One great line from the ep is " I'd be lost without my Blogger (Boswell)". Just one of many bits and pieces in the many layered dish that is The Great Game.  Sherlockians, Holmesians, fellow enthusiasts, a few things to look forward to when watching this highly entertaining ep.  A number of things are said that should make you run for your copies of Holmes to find the reference, there are at least 5 clear ones I counted and most assuredly more. I won't tell you what they are, and what's more if you don't get them I promise not to blow up your Gran.

In the grand tradition of The Strand, the story leaves us wanting more and anticipating greatness. The New Cumberbatch Holmes tonight did one other thing I thought would take longer, he took possession of the role as much as any person can. Or should I say , he allowed the ghost of Sherlock Holmes to posses him completely. The coming series will, if it continues to maintain the high standard of story telling, humour suspense  and believability despite the occasional mustard applied in some scenes, will be a massive success that will launch the new Holmes and Watson into the realm of Legend.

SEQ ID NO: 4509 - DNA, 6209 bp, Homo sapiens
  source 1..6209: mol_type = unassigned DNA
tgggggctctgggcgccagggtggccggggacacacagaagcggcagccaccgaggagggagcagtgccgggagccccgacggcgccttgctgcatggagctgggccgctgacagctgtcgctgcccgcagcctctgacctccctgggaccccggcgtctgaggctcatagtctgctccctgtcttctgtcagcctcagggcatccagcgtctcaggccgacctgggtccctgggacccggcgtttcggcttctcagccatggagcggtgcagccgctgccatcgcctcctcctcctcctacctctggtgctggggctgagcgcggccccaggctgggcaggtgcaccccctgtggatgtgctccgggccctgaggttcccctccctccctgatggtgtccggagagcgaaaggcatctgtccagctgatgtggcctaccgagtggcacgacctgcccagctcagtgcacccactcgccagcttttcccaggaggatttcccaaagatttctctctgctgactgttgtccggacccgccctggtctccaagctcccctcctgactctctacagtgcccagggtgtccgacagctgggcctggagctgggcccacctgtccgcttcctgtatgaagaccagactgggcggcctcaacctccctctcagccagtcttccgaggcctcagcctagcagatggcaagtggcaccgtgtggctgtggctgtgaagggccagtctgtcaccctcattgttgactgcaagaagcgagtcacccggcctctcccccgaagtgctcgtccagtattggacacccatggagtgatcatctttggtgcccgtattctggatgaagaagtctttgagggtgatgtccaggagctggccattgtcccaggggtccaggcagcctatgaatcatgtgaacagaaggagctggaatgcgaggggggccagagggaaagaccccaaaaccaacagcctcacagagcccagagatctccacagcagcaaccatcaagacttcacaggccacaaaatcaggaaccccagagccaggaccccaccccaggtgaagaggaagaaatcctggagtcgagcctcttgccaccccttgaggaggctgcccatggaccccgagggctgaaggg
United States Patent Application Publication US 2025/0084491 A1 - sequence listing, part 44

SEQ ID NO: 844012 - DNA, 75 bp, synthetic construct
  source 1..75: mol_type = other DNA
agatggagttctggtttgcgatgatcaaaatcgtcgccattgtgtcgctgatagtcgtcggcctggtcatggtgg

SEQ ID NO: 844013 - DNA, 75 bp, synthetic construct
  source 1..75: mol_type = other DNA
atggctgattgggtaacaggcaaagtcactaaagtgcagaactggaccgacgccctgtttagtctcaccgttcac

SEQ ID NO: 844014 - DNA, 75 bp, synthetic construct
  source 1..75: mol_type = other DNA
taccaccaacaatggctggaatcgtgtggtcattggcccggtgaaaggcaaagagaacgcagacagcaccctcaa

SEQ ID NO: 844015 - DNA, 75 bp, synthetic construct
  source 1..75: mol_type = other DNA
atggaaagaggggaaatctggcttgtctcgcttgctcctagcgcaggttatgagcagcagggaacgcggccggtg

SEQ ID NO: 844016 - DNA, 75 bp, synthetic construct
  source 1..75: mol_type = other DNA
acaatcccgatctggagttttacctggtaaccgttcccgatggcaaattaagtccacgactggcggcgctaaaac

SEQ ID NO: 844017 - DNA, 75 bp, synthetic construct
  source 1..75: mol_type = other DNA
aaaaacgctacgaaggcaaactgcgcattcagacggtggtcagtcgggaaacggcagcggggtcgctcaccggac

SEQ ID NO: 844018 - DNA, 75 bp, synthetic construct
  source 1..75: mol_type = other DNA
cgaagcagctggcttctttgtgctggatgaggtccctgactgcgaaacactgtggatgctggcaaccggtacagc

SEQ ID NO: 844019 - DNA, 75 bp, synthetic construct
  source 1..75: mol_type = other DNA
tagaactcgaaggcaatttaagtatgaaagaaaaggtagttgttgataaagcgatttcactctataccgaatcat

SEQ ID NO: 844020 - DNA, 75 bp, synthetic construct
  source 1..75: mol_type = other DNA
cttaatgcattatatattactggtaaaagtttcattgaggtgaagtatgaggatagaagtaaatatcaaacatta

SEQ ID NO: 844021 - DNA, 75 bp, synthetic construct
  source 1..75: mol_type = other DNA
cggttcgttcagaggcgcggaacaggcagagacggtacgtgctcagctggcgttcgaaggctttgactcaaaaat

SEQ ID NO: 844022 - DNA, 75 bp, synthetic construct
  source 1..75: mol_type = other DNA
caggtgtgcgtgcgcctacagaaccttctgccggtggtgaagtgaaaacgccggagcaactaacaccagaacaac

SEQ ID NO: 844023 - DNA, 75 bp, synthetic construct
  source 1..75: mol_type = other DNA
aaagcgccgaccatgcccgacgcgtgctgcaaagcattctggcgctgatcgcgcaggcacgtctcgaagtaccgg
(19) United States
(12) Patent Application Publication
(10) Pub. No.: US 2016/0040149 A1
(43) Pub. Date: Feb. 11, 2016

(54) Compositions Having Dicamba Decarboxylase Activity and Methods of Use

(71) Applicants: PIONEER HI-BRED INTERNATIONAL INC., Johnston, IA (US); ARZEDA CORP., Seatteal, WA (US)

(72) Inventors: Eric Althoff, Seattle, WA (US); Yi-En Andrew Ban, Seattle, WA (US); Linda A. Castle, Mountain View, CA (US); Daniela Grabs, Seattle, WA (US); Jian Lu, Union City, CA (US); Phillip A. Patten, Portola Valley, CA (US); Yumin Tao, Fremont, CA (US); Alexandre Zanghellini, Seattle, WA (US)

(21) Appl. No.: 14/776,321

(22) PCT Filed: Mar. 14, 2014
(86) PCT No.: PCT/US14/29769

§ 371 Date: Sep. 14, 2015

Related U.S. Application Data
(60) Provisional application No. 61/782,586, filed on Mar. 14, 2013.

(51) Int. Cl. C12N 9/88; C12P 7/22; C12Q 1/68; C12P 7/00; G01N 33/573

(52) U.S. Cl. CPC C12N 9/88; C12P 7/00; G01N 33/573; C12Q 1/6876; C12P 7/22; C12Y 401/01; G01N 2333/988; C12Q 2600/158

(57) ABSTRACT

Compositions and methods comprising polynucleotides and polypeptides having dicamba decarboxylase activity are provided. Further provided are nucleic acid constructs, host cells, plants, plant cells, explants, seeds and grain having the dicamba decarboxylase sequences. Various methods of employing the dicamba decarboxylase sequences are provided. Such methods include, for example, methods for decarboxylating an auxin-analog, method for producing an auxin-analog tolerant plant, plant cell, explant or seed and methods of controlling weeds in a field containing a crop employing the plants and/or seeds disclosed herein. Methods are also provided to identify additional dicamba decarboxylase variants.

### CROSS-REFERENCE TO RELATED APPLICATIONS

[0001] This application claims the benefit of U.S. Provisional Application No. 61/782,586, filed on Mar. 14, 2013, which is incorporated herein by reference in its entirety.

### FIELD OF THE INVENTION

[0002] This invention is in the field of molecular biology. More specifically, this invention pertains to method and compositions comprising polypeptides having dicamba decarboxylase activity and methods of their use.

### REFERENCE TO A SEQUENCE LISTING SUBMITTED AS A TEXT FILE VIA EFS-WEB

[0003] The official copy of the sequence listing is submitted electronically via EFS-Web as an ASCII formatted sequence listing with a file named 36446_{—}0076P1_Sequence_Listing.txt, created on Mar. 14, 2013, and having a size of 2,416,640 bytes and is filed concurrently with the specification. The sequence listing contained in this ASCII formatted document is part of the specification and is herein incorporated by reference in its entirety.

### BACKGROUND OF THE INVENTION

Finally, I must look at this as a stand alone story. Would I have watched this as a single film and enjoyed it? Emphatically yes. It gathered you  ever so gently and then took you hostage till the very last second of the credits.  Well done BBC for taking this story on, may you keep taking such decisions regardless of what the Condemns and certain Labour people think.  Were it not for the current set up, the English speaking telly world would be a poorer place.

Saturday, 7 August 2010

Facebook and how it's changed the way we communicate